Memorable Gigs Of The 1980s (Part One)

Mark King of Level 42, Hammersmith Odeon, 13th November 1985

The London live music scene was buoyant in the 1980s.

There was a gig on pretty much every corner. You could see a Goth band, a pub-rock band, a reggae band, a psychobilly band, a soul band – sometimes all on the same bill.

Places like The Rock Garden in Covent Garden, Swan and King’s Head in Fulham, Clarendon in Hammersmith, Red Lion in Brentford, Astoria in Soho and Mean Fiddler in Harlesden are quite understandably still revered by music fans of a certain age.

There were brilliant nightclubs too: The Bat Cave, Dingwalls, Wag, Blitz, Limelight, Marquee. Let’s be thankful a handful of legendary venues from that era survive (The Half Moon in Putney, Ronnie Scott’s, Roundhouse, Scala, Borderline) and long may they last.

Here are a few gigs that still loom large (all in London unless otherwise stated). I hope they spark some memories of your own. Eagle-eyed readers will notice that I pretty much camped out at the Hammersmith Odeon in the late ’80s – well, it was my local, and it seemed like almost everyone came through that brilliant venue…

9. Frank Zappa @ Wembley Arena, 18th April 1988

Yessir, Frank was in town for the first time in four years. I was a new fan and very excited to see him live. His guitar was insanely loud and very trebly. The reggae version of ‘Stairway To Heaven’ was particularly memorable. Lots of onstage banter and political rhetoric. Lots of old-school hippies in the stalls. What a treat.

8. The New York Jazz Explosion (Roy Ayers/Tom Browne/Lonnie Liston Smith/Jean Carn) @ Hammersmith Odeon, 24th February 1985

I’d never heard of any of these guys when my dad offered me a ticket but I’m bloody glad I went. Lonnie started the show with some prime, instrumental, Rhodes-driven jazz/funk, then Roy played some old favourites and quite a lot from his In The Dark album. I don’t remember much about Jean or Tom but Roy blew me away (I’ve seen him at least five times since). The Odeon was packed and a very raucous crowd made a lot of noise in those glorious days when almost every famous US soul star played there. A real eye-opener.

7. David Sylvian @ Hammersmith Odeon, 30th May 1988

It was pretty much the first sight of David since Japan’s split and there was a genuinely exciting atmosphere in the old venue. Lots of screaming girls and a large Goth contingent. An unsmiling, slight and pale Sylvian silenced them by playing keys for the first few ethereal instrumentals (with hindsight, very reminiscent of Bowie’s ‘Stage’ tour a decade earlier). Fantastic band: David Torn, Mark Isham, Steve Jansen, Ian Maidman, Richard Barbieri.

6. Art Blakey @ Ronnie Scott’s, 26th January 1989

Ronnie’s hosted a lot of the bona fide jazz greats in those days. My dad took me to a see a fair few but catching Bu was a revelation. His sheer presence was memorable and his press rolls made the walls of the club shake. The suited-and-booted band, including top-notch Brit pianist Julian Joseph, were excellent too.

5. It Bites @ Brunel University, March 1988

My schoolmate Nigel had played me this band’s debut The Big Lad In The Windmill and I was becoming a massive fan when we got a lift out to darkest North-West London just before the release of their second album Once Around The World. They played in the low-ceilinged students union bar and it became one of the most outstanding pop gigs I saw in the ’80s. A terrifyingly tight band – ‘coming at you like a f***in’ juggernaut’ as singer/guitarist Francis Dunnery said recently – with humour and chops. And a cracking version of ‘New York, New York’ in the middle of ‘Once Around The World’ to boot.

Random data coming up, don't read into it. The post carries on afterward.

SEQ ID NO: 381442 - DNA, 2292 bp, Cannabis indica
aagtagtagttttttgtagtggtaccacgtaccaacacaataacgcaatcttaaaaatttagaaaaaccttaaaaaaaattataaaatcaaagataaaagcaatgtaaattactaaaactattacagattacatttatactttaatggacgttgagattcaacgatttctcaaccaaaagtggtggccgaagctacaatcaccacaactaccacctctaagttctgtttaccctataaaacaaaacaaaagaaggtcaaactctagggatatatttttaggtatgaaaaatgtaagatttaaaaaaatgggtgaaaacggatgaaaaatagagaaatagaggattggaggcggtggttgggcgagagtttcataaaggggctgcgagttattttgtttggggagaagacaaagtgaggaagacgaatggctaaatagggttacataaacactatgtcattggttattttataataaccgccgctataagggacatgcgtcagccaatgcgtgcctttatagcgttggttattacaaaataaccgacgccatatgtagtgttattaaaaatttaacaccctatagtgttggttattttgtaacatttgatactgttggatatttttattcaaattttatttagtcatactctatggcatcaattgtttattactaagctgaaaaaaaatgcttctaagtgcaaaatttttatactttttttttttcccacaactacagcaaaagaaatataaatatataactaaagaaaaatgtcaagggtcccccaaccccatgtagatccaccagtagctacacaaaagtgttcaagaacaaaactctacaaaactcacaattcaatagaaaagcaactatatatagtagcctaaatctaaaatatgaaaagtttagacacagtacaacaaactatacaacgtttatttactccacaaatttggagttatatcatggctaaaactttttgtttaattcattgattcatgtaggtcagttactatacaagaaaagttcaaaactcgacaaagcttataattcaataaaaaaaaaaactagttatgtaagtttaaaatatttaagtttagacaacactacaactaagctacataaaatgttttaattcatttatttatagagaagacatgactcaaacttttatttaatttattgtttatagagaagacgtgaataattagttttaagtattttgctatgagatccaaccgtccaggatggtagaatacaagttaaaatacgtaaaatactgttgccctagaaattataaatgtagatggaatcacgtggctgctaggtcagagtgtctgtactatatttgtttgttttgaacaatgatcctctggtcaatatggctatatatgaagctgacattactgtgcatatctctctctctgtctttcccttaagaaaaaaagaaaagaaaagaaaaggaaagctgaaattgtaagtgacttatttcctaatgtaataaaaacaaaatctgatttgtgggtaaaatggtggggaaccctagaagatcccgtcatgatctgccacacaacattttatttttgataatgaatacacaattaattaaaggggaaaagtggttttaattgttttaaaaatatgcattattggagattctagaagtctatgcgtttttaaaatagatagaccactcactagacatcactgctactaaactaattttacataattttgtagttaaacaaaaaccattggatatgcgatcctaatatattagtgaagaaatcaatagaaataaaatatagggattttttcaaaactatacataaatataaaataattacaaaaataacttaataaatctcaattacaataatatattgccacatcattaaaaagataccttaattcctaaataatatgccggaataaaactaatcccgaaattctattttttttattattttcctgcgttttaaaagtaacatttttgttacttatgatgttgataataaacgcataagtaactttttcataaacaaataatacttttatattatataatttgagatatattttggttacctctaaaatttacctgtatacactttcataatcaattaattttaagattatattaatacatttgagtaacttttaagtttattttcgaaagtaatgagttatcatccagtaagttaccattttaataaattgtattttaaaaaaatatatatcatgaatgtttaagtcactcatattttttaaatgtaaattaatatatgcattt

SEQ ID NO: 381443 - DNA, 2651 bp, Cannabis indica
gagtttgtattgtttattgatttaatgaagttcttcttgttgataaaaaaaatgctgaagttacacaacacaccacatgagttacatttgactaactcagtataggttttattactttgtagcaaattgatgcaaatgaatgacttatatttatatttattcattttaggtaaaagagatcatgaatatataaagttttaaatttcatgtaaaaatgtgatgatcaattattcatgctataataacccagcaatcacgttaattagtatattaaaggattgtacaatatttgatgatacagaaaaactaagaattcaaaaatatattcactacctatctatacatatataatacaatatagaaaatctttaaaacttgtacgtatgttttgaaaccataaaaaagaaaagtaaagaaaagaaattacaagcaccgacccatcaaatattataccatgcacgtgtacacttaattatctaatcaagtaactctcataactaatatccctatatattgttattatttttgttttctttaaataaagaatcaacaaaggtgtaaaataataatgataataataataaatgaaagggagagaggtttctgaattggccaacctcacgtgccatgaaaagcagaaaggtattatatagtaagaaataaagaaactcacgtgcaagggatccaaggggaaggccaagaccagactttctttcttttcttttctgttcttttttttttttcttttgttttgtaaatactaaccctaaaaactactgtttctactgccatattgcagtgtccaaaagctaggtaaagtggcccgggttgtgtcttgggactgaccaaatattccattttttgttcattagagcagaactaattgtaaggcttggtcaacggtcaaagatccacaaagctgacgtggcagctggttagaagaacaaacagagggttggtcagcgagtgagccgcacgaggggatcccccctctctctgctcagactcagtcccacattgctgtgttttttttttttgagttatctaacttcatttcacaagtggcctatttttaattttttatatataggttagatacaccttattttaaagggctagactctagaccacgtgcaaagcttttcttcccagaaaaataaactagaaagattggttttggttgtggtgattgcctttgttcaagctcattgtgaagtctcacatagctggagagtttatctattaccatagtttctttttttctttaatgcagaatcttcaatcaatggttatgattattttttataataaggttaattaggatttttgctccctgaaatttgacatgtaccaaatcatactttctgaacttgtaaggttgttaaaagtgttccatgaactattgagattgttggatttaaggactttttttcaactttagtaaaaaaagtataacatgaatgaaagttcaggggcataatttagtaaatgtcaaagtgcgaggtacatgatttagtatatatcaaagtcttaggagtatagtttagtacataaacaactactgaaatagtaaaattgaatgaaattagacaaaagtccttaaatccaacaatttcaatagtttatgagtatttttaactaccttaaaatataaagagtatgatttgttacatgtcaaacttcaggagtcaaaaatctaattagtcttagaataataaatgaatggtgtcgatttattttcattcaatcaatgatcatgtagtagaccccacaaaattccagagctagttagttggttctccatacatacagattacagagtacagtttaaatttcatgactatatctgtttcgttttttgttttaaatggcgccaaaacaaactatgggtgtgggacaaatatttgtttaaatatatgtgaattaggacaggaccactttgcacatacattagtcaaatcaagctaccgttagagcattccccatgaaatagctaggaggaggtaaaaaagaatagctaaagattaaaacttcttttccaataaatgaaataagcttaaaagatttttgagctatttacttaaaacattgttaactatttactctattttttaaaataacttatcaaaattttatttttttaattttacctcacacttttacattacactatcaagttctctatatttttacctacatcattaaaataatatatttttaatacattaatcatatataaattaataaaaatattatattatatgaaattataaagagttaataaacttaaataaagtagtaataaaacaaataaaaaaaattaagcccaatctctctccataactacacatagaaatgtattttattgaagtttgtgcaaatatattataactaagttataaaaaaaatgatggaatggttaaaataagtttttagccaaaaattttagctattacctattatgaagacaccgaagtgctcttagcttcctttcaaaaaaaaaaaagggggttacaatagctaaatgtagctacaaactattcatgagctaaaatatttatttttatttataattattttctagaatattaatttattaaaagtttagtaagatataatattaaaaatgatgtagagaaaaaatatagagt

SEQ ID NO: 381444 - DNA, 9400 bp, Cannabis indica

4. Level 42 @ Hammersmith Odeon, 13th November 1985

They were finally making the big pop breakthrough with World Machine but still had one foot in their jazz/funk ‘roots’ – this era was an exciting mix of both approaches. These boys were going places but were still quite naughty/rough’n’ready with it. Sadly this was the peak of the original four-piece band, but it was another brilliant, noisy, sweaty night at the Odeon.

3. John Scofield @ Half Moon Theatre, Docklands Festival, Sept 1988?

This took place at a makeshift venue in the back-end of nowhere within Thatcher’s huge Docklands development. It was a long car ride from West London into a strange wasteland. I had wanted to see this band since Blue Matter had come out a year earlier and accordingly watched drummer Dennis Chambers like a hawk throughout. From memory, he in turn eyeballed me throughout. His playing was pretty mindblowing from 10 yards away.

2. Wendy & Lisa @ Town & Country Club, 25th April 1989

It was a hot, sweaty night at the T&C, and the nearest to seeing Prince in such a small venue (which does a great disservice to Wendy and Lisa’s excellent playing and songwriting, but there you go). There was a genuine star quality to the (almost all-female) band and a very cool clientele – everyone was clocking a peak-fame Sinead O’Connor at the bar. The gig delivered the promise of summer and some cracking music too.

1. Animal Logic @ Town & Country Club, 25th May 1989

Back in the late ’80s, you only really gleaned info about musicians from magazines. When Rhythm – the now-defunkt UK monthly – printed that Stewart Copeland and Stanley Clarke were doing a gig in North London, we just had to be there. It was a surprise to say the least. There had literally been no sign of Copeland in the UK since The Police and the crowd seemed to be entirely composed of their fans – a huge roar erupted when Stewart’s kit was rolled onto the stage. Unfortunately the songs weren’t great but the atmosphere was.

Run DMC & Beastie Boys @ Brixton Academy: 30 Years Ago Today

1987 was the year hip-hop went mainstream in the UK. Or at least it felt like that at my school.

A few of the ‘cool’ kids were nicking the VW signs popularised by Mike D of the Beastie Boys (a major tabloid cause célèbre) and friends’ parents were even playing Licensed To Ill at parties.

Public Enemy, Run DMC, LL Cool J, Eric B & Rakim and Salt-N-Pepa were the dog’s b****cks, graffiti culture was getting big and DJ Tim Westwood was fast becoming a household name, thanks to his progression from Kiss FM to Capital.

This excellent, recently-unearthed BBC documentary handily incorporates all of the above:

Two legendary gigs seem to epitomise London’s love affair with classic hip-hop in ’87: Run DMC & Beastie Boys’ notorious double-header at the Brixton Academy – the first night of which happened 30 years ago today – and also the Def Jam package tour which checked into the Hammersmith Odeon later in the year.

As the late great Shaw Taylor used to say on ‘Police 5’, were you there? If you were (I wasn’t), let me know your memories of these seminal London gigs.